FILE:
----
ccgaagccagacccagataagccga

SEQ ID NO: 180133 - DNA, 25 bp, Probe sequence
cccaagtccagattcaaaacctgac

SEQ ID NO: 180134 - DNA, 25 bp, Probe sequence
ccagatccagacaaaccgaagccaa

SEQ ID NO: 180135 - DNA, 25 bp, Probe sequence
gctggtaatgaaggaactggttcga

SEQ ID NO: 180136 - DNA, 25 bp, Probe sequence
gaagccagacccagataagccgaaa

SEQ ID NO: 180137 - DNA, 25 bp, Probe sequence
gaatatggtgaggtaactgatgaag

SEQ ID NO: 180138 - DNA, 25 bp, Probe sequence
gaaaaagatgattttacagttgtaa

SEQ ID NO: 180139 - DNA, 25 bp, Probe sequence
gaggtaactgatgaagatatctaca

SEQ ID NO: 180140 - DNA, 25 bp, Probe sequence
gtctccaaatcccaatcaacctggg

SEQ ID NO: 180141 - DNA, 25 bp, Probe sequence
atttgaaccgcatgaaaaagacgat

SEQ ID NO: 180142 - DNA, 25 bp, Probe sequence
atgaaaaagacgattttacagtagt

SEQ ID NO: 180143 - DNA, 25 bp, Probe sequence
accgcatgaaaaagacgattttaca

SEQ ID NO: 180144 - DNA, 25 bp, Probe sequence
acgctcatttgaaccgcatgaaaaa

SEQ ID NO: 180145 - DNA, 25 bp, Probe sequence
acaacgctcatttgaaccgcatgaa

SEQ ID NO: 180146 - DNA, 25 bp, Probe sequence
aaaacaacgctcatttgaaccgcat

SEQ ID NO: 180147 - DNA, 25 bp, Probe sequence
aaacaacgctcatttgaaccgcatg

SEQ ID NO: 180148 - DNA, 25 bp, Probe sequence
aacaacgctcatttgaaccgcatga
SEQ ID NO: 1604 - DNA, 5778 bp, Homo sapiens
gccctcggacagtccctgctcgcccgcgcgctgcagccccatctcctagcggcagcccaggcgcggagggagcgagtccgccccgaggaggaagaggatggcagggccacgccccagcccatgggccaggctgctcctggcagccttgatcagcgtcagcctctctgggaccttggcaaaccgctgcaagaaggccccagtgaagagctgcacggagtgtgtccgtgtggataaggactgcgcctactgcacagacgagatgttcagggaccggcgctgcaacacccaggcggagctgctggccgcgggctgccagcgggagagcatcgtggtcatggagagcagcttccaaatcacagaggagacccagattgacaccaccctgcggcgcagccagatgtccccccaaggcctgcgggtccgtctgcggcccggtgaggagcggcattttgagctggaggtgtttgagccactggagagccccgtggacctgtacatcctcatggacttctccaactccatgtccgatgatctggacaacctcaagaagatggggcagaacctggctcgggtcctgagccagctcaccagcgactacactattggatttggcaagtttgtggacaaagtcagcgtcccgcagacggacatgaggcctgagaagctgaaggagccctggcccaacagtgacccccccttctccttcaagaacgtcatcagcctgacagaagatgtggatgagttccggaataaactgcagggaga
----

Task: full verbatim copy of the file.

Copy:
ccgaagccagacccagataagccga

SEQ ID NO: 180133 - DNA, 25 bp, Probe sequence
cccaagtccagattcaaaacctgac

SEQ ID NO: 180134 - DNA, 25 bp, Probe sequence
ccagatccagacaaaccgaagccaa

SEQ ID NO: 180135 - DNA, 25 bp, Probe sequence
gctggtaatgaaggaactggttcga

SEQ ID NO: 180136 - DNA, 25 bp, Probe sequence
gaagccagacccagataagccgaaa

SEQ ID NO: 180137 - DNA, 25 bp, Probe sequence
gaatatggtgaggtaactgatgaag

SEQ ID NO: 180138 - DNA, 25 bp, Probe sequence
gaaaaagatgattttacagttgtaa

SEQ ID NO: 180139 - DNA, 25 bp, Probe sequence
gaggtaactgatgaagatatctaca

SEQ ID NO: 180140 - DNA, 25 bp, Probe sequence
gtctccaaatcccaatcaacctggg

SEQ ID NO: 180141 - DNA, 25 bp, Probe sequence
atttgaaccgcatgaaaaagacgat

SEQ ID NO: 180142 - DNA, 25 bp, Probe sequence
atgaaaaagacgattttacagtagt

SEQ ID NO: 180143 - DNA, 25 bp, Probe sequence
accgcatgaaaaagacgattttaca

SEQ ID NO: 180144 - DNA, 25 bp, Probe sequence
acgctcatttgaaccgcatgaaaaa

SEQ ID NO: 180145 - DNA, 25 bp, Probe sequence
acaacgctcatttgaaccgcatgaa

SEQ ID NO: 180146 - DNA, 25 bp, Probe sequence
aaaacaacgctcatttgaaccgcat

SEQ ID NO: 180147 - DNA, 25 bp, Probe sequence
aaacaacgctcatttgaaccgcatg

SEQ ID NO: 180148 - DNA, 25 bp, Probe sequence
aacaacgctcatttgaaccgcatga
SEQ ID NO: 1604 - DNA, 5778 bp, Homo sapiens
gccctcggacagtccctgctcgcccgcgcgctgcagccccatctcctagcggcagcccaggcgcggagggagcgagtccgccccgaggaggaagaggatggcagggccacgccccagcccatgggccaggctgctcctggcagccttgatcagcgtcagcctctctgggaccttggcaaaccgctgcaagaaggccccagtgaagagctgcacggagtgtgtccgtgtggataaggactgcgcctactgcacagacgagatgttcagggaccggcgctgcaacacccaggcggagctgctggccgcgggctgccagcgggagagcatcgtggtcatggagagcagcttccaaatcacagaggagacccagattgacaccaccctgcggcgcagccagatgtccccccaaggcctgcgggtccgtctgcggcccggtgaggagcggcattttgagctggaggtgtttgagccactggagagccccgtggacctgtacatcctcatggacttctccaactccatgtccgatgatctggacaacctcaagaagatggggcagaacctggctcgggtcctgagccagctcaccagcgactacactattggatttggcaagtttgtggacaaagtcagcgtcccgcagacggacatgaggcctgagaagctgaaggagccctggcccaacagtgacccccccttctccttcaagaacgtcatcagcctgacagaagatgtggatgagttccggaataaactgcagggaga